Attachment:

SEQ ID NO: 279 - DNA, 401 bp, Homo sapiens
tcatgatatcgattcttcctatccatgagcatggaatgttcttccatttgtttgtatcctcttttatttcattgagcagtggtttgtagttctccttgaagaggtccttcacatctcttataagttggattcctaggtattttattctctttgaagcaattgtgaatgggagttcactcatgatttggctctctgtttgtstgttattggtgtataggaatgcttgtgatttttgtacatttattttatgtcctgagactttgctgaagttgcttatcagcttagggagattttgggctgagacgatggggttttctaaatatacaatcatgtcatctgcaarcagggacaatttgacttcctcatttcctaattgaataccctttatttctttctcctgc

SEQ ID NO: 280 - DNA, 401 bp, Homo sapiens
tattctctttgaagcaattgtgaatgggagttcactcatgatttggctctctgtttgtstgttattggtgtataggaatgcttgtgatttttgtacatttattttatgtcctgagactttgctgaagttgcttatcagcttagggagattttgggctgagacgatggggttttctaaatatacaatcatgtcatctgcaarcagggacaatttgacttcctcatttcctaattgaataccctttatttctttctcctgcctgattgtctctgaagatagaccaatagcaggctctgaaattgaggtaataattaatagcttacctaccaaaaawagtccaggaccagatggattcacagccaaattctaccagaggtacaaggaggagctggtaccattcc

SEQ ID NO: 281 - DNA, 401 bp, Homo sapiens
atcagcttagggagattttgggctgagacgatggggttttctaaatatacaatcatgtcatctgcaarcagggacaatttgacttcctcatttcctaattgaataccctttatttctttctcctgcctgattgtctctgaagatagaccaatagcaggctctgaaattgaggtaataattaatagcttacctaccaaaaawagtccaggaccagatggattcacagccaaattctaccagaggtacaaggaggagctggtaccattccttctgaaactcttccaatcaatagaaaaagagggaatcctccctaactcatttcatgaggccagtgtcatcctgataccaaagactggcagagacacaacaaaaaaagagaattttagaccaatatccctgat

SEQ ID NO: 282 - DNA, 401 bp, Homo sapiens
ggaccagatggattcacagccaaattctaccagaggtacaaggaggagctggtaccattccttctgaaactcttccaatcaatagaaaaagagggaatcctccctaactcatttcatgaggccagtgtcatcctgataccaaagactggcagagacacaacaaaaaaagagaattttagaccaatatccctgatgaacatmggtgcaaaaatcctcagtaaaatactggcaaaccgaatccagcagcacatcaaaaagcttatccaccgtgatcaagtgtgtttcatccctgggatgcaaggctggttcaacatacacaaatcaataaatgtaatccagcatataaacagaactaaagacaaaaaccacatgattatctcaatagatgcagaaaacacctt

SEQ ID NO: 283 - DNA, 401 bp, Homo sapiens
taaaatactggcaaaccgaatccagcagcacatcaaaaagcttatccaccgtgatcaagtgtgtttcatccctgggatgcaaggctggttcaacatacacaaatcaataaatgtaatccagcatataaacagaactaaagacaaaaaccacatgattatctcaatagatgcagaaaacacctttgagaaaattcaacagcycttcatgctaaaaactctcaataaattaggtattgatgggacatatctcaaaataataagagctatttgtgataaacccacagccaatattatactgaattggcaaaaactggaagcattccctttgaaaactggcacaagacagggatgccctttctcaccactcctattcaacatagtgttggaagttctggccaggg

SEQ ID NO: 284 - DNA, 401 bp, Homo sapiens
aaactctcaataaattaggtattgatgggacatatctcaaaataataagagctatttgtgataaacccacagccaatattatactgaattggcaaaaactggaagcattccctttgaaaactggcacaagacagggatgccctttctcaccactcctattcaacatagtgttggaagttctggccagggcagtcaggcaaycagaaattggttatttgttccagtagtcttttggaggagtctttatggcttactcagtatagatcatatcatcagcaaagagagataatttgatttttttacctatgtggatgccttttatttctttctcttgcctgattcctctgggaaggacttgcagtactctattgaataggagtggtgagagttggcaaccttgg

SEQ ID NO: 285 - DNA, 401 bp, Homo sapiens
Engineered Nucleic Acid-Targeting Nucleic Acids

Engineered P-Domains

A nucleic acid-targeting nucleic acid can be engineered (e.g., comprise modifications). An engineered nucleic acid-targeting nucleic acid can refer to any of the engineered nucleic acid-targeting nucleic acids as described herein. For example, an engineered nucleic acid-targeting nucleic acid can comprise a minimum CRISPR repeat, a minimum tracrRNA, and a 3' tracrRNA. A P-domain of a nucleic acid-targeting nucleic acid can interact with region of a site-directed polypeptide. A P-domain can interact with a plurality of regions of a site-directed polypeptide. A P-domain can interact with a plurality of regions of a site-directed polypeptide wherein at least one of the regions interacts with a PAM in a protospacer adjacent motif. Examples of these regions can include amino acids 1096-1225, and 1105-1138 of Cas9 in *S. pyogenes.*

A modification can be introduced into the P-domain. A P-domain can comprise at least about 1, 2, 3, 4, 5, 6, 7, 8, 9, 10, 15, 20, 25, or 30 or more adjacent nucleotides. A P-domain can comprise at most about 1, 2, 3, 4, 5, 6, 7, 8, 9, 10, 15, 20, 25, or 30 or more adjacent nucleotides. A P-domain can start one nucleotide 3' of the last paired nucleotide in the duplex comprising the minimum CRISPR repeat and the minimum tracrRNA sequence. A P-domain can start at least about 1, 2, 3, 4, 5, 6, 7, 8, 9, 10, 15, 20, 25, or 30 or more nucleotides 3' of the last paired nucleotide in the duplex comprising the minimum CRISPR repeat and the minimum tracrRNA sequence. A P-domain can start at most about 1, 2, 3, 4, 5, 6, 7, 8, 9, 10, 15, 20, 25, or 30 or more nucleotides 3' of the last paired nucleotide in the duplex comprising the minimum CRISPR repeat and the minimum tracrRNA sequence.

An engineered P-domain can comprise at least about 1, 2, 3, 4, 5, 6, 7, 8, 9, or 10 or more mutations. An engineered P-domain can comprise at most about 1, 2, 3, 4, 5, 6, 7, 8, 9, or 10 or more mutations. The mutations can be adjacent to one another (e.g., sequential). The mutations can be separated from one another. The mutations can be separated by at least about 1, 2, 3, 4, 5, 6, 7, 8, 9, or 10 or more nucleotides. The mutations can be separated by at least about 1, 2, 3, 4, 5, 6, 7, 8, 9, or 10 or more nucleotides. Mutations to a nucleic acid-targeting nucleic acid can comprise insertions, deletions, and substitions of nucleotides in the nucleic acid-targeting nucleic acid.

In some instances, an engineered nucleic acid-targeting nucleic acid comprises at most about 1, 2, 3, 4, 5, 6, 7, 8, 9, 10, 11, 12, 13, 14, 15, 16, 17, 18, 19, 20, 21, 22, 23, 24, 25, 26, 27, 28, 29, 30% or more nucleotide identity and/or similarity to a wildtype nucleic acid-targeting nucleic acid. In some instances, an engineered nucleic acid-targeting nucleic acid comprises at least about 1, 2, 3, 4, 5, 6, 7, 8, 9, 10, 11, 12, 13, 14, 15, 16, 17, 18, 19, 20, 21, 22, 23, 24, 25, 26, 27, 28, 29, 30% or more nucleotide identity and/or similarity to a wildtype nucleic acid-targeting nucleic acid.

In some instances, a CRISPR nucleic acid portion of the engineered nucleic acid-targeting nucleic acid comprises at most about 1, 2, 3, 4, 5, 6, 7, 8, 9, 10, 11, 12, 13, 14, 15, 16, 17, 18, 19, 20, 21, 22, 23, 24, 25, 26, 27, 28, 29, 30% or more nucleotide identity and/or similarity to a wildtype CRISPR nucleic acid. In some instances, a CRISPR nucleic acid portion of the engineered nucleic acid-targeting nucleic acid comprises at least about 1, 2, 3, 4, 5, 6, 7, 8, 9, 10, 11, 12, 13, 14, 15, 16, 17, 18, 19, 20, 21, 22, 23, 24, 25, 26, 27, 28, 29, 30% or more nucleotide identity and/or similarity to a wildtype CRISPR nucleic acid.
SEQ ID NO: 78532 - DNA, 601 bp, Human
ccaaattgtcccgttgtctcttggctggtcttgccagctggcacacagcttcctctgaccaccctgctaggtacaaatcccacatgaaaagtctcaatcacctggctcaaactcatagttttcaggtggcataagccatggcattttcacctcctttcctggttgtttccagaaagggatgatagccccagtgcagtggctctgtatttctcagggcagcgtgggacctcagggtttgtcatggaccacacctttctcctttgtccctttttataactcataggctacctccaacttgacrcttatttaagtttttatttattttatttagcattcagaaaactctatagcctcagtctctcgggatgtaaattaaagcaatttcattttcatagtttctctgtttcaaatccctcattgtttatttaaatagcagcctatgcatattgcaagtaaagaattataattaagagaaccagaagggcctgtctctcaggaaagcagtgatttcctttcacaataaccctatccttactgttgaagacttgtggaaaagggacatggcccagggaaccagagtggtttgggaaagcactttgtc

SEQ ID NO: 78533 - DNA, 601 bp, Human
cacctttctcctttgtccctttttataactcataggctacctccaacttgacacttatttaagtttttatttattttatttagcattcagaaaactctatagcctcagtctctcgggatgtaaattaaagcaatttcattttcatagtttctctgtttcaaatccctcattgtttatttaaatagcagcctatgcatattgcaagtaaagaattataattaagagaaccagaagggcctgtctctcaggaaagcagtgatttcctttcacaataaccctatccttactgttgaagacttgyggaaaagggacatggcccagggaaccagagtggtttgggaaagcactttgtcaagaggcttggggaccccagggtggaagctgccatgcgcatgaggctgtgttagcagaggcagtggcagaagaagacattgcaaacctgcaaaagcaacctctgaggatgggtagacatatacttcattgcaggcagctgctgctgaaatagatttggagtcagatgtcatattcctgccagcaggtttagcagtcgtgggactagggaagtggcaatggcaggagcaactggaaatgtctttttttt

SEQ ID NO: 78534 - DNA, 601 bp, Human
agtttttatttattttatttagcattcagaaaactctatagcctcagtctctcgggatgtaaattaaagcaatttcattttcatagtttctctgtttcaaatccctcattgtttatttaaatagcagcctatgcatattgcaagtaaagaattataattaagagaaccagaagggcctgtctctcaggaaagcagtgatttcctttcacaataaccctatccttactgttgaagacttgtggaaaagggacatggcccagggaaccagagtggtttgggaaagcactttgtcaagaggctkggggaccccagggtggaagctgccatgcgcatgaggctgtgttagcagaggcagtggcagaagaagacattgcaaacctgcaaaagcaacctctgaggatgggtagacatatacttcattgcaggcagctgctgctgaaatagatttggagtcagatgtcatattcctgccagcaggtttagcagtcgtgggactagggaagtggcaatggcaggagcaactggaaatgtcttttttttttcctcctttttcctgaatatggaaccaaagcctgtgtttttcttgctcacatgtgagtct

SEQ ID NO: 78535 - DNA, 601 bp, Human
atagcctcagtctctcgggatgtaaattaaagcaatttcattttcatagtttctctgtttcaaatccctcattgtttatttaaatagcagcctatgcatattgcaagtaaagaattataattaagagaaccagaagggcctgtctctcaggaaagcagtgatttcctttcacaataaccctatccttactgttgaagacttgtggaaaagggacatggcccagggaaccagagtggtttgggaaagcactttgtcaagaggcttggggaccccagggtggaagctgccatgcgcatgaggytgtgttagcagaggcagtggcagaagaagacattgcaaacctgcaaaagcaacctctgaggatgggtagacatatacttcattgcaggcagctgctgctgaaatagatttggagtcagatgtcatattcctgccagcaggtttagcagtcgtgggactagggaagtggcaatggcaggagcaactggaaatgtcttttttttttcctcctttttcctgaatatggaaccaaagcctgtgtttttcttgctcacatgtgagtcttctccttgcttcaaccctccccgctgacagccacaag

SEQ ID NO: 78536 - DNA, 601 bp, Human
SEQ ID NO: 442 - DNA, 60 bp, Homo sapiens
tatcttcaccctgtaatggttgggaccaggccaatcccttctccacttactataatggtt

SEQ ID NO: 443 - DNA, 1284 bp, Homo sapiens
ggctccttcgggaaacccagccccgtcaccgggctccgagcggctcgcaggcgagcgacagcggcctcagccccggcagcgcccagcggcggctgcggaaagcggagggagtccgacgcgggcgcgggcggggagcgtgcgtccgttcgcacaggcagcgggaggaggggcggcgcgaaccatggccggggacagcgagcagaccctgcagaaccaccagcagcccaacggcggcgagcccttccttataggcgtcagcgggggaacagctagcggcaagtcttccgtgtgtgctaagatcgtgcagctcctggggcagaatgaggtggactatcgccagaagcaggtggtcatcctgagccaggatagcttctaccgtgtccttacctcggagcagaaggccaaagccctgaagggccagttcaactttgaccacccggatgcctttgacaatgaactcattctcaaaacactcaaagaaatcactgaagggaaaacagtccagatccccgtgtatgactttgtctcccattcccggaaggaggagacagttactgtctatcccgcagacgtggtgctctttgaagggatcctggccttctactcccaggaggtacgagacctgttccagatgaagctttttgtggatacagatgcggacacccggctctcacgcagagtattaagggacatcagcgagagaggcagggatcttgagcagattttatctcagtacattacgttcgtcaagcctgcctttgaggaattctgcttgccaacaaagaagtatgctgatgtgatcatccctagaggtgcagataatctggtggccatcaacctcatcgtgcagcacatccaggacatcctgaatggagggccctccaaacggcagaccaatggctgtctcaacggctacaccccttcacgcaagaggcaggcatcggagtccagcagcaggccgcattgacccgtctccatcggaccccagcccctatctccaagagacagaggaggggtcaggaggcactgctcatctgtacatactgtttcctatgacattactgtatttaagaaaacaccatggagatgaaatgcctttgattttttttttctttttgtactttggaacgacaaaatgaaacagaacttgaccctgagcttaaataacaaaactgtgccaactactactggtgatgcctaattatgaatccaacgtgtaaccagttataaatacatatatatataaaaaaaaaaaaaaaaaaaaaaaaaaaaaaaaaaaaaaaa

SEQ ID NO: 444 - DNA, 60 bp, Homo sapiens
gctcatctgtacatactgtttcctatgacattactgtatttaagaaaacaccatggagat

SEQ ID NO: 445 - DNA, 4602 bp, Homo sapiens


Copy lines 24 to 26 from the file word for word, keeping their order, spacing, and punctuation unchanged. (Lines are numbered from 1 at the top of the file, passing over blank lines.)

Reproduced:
cacctttctcctttgtccctttttataactcataggctacctccaacttgacacttatttaagtttttatttattttatttagcattcagaaaactctatagcctcagtctctcgggatgtaaattaaagcaatttcattttcatagtttctctgtttcaaatccctcattgtttatttaaatagcagcctatgcatattgcaagtaaagaattataattaagagaaccagaagggcctgtctctcaggaaagcagtgatttcctttcacaataaccctatccttactgttgaagacttgyggaaaagggacatggcccagggaaccagagtggtttgggaaagcactttgtcaagaggcttggggaccccagggtggaagctgccatgcgcatgaggctgtgttagcagaggcagtggcagaagaagacattgcaaacctgcaaaagcaacctctgaggatgggtagacatatacttcattgcaggcagctgctgctgaaatagatttggagtcagatgtcatattcctgccagcaggtttagcagtcgtgggactagggaagtggcaatggcaggagcaactggaaatgtctttttttt

SEQ ID NO: 78534 - DNA, 601 bp, Human
agtttttatttattttatttagcattcagaaaactctatagcctcagtctctcgggatgtaaattaaagcaatttcattttcatagtttctctgtttcaaatccctcattgtttatttaaatagcagcctatgcatattgcaagtaaagaattataattaagagaaccagaagggcctgtctctcaggaaagcagtgatttcctttcacaataaccctatccttactgttgaagacttgtggaaaagggacatggcccagggaaccagagtggtttgggaaagcactttgtcaagaggctkggggaccccagggtggaagctgccatgcgcatgaggctgtgttagcagaggcagtggcagaagaagacattgcaaacctgcaaaagcaacctctgaggatgggtagacatatacttcattgcaggcagctgctgctgaaatagatttggagtcagatgtcatattcctgccagcaggtttagcagtcgtgggactagggaagtggcaatggcaggagcaactggaaatgtcttttttttttcctcctttttcctgaatatggaaccaaagcctgtgtttttcttgctcacatgtgagtct